Asia-Pacific's flag carriers have begun to reveal the extent of damage done to their finances by the region's economic crisis, led by Cathay Pacific Airways showing profits cut in half and Korean Air (KAL) nursing a record loss.
Cathay, which has suffered a massive downturn in traffic, saw net profits slashed to just under HK$1.7 billion ($218 million). Sales also fell by 2.9% during what chairman Peter Sutch describes as "an exceedingly hard 12 months".
Sutch points to a sequence of factors, which began with the lack of visitors to Hong Kong for the handover of power to China in June, and ran through to the recent outbreak of "chicken flu". Traffic was also affected by the haze over much of South-East Asia and the collapse of currencies in neighbouring countries.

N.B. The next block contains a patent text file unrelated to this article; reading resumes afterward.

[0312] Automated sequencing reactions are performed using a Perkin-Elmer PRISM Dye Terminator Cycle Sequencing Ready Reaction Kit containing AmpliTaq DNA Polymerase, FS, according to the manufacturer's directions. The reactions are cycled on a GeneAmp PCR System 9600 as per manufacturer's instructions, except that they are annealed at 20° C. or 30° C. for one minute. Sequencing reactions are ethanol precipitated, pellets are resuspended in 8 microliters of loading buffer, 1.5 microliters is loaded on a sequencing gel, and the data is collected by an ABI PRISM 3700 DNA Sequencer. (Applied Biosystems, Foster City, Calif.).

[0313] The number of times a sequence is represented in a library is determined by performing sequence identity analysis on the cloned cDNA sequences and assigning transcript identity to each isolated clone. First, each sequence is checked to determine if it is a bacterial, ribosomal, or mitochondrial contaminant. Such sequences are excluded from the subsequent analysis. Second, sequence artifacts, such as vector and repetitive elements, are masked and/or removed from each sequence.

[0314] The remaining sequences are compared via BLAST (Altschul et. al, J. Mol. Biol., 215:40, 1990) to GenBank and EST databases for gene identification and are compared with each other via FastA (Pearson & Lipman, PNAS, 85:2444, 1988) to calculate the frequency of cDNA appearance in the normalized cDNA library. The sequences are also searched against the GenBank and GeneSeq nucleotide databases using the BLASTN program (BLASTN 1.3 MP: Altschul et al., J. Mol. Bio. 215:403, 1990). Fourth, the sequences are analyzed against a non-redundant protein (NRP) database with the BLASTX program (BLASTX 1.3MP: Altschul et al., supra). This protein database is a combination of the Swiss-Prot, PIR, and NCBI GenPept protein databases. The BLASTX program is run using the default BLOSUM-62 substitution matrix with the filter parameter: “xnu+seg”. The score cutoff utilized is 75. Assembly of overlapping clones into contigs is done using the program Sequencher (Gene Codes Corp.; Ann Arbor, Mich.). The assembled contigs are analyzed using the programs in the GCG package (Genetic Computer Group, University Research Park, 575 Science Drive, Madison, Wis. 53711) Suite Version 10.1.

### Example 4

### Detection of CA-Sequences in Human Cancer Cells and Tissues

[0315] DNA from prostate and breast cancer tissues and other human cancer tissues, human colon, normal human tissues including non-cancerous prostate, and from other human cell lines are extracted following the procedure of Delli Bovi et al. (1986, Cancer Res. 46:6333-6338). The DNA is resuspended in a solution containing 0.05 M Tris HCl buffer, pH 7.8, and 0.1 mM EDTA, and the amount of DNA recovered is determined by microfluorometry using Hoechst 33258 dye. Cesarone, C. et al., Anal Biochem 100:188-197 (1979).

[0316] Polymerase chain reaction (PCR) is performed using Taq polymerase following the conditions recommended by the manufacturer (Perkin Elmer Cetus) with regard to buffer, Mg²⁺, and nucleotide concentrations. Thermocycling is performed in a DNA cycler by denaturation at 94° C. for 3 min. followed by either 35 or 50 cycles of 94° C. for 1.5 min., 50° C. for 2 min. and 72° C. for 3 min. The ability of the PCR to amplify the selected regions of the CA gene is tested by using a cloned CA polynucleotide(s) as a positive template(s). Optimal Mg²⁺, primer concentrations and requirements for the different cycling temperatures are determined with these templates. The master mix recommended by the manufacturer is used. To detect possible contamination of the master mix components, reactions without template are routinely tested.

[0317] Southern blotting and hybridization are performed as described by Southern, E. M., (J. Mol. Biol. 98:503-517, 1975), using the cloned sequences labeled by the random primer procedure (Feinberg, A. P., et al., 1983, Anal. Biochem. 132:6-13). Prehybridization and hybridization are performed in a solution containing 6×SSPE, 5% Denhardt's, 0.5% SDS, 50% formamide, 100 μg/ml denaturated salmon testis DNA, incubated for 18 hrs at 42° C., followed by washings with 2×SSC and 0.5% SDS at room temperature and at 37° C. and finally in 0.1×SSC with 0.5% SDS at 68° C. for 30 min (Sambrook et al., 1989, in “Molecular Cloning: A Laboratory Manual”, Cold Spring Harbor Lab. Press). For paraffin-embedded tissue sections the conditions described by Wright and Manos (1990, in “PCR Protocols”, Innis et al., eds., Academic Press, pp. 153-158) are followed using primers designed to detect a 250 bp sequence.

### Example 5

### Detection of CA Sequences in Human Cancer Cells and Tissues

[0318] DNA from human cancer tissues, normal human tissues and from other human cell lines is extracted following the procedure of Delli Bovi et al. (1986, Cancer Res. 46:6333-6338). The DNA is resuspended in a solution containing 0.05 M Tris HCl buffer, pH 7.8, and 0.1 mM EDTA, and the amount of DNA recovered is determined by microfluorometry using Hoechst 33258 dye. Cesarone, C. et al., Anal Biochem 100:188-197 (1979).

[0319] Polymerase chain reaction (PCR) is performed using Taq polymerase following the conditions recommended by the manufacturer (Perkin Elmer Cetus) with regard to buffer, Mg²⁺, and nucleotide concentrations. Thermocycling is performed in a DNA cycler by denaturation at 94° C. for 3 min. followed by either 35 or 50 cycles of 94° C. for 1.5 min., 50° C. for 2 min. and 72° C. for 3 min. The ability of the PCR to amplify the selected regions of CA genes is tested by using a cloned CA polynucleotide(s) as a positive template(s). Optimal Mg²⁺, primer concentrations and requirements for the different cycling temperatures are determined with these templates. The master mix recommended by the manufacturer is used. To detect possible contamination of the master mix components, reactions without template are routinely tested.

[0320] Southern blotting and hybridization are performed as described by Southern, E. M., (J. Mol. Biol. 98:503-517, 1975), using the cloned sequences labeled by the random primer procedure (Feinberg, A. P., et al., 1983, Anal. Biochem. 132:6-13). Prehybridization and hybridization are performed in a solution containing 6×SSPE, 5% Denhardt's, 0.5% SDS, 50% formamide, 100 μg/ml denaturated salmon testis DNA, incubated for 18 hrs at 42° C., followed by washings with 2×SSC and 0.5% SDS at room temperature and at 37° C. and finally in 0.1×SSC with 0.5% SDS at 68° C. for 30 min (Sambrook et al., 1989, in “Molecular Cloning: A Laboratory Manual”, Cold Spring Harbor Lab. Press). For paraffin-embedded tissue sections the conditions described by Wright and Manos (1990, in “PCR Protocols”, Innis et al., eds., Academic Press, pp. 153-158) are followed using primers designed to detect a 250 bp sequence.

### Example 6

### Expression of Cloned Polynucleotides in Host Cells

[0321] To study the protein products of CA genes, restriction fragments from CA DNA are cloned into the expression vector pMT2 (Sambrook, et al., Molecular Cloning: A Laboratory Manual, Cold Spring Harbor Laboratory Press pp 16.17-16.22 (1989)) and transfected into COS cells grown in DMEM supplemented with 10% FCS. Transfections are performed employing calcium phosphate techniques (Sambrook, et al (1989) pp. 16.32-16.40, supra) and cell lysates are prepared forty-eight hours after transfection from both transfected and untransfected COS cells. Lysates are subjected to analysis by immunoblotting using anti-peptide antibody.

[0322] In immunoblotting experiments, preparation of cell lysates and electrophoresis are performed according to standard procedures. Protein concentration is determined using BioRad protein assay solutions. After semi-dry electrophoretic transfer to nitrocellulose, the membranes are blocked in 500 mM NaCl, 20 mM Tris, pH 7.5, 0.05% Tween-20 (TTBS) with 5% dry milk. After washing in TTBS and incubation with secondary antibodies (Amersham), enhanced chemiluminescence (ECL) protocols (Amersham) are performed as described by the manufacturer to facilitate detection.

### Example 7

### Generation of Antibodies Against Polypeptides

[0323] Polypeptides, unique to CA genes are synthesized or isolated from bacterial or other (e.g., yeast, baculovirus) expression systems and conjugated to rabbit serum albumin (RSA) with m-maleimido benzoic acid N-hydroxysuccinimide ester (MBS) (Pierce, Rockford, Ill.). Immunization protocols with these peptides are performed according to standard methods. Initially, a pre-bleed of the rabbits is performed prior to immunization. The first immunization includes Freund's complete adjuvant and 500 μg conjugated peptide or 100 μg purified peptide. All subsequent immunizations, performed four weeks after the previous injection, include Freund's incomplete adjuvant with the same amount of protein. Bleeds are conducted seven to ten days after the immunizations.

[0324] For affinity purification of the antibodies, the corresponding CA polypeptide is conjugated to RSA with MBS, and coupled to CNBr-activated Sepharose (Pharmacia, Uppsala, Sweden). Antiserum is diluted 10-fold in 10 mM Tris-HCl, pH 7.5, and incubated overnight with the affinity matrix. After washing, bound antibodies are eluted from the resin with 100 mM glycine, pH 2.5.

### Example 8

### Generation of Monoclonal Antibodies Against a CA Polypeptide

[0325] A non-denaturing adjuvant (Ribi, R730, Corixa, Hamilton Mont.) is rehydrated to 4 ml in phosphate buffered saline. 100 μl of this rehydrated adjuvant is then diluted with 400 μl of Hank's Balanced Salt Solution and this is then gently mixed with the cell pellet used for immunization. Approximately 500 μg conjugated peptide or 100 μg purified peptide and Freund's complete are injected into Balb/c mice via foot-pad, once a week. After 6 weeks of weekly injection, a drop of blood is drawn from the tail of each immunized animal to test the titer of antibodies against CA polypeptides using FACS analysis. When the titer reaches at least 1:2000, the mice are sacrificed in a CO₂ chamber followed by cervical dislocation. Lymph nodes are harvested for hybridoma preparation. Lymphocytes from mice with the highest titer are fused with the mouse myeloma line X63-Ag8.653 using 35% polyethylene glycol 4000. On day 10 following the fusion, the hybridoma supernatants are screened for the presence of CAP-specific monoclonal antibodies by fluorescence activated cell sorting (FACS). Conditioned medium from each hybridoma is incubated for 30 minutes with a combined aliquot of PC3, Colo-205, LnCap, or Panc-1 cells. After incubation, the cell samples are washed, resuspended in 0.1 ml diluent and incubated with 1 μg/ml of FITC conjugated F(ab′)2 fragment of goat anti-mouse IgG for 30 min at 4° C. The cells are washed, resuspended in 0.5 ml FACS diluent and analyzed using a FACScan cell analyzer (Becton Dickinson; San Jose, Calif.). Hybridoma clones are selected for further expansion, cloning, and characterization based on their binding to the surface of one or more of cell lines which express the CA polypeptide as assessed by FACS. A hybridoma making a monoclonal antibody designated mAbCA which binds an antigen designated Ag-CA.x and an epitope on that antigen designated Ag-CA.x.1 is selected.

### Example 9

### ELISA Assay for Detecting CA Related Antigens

The expectation is that the situation will get worse for Cathay in 1998, with some analysts predicting the airline breaking even or incurring a small loss before the start of any recovery.
The airline has taken measures to reduce costs and excess capacity, including staff cuts and the planned withdrawal from service of five Boeing 747-200s. The future of its remaining two -200s and six 747-300s is also under review.
Preliminary figures from KAL show a loss of 397 billion won ($246 million) for 1997 - nearly double the 210 billion won deficit in 1996 and the worst in the airline's history.
Losses ballooned in the second half of the year as the result of Asia's currency crisis, including the dramatic collapse of the South Korean won against the US dollar. That has helped inflate the airline's debt from 5.7 trillion won to over 8.2 trillion won.
The results, however, were not as bad as predicted earlier by some local analysts. Damage was limited by the fall in aviation fuel prices and a stretch out in the aircraft depreciation period from 10 to 13 years.
KAL is hoping for improved results in the first half of 1998, with an anticipated increase in traffic as many rival international carriers discontinue services to Seoul.
Source: Flight International